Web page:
Once there, I load my husband down with 10 bags, the umbrella, the cooler and towels and off we flip-flop our way to the perfect spot at Popham beach. The kids grab their buckets and shovels and run off. We play in the freezing heart-stopping surf. We build an entire fortress of sandcastles. We throw a frisbee around. Exhausted and feeling fried, I glance down at my watch. Forty-five minutes have passed.
I heave myself onto a sandy towel, cross my legs and shield my eyes as I peer out at the water. My son is flinging mud in my daughter’s face. She jabs him hard on the arm. Now that I know that they are settled, I turn my attention to the ominous line of seagulls that have gathered in a crooked line behind us. Hmm, I wonder. That’s odd. What are they waiting for? A few minutes pass and I turn to look at them again. And now they seem to be even closer. And there are more of them. All standing and glaring and waiting.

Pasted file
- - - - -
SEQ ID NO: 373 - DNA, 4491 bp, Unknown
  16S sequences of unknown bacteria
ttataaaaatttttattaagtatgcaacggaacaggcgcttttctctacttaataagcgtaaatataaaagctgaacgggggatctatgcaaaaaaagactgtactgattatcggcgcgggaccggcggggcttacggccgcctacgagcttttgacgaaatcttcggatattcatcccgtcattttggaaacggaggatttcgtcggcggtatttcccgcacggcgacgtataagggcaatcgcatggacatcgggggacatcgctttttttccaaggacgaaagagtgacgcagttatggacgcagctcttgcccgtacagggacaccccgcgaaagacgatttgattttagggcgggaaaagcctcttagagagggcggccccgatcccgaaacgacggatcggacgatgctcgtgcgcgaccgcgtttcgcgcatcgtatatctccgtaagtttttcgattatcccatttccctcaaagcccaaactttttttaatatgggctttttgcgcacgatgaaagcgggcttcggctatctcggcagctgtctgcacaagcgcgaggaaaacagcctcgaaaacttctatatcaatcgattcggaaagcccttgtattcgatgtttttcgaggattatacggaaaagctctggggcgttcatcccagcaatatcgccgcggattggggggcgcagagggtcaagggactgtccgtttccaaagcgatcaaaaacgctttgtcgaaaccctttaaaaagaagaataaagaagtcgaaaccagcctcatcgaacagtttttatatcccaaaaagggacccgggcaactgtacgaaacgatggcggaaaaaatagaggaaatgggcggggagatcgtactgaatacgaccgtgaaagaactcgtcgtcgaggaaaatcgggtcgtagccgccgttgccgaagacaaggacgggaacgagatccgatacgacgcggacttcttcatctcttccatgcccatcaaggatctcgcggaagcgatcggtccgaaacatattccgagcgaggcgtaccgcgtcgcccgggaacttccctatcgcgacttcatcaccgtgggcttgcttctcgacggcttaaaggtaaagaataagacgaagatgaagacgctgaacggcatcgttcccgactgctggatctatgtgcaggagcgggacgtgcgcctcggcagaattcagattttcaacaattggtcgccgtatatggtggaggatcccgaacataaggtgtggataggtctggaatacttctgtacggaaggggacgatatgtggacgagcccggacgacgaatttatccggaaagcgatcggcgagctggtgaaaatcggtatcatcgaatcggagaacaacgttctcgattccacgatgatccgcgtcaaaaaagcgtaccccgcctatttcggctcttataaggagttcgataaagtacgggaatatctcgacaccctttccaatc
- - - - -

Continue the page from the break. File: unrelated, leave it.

“Can I have some chips, Mom?” my daughter asks, her grinning face covered in sand. I hand her the bag and put on some more sunscreen. I open the cooler full of sandwiches and fish around for a water bottle. “Mommy! Let’s go swimming!” She grabs my hand and we run off.
Which brings me to the first Beach Bummer to Avoid:
* Keep every scrap and morsel of food packed tightly away at all times. Use your cooler. And keep the cooler lid locked. Turns out Maine seagulls are mutant crafty creatures who will wait patiently for Dumb Beachgoer to walk away, leaving a treasure trove of food behind. Within seconds they sound the secret seagull alarm and every single gull up and down the entire coast will swarm and swoop and scatter those BBQ chips over every inch of the beach, shredding the plastic bag into a million pieces in the process and ticking off everyone else within a 2 mile radius of your leftover bologna sandwich.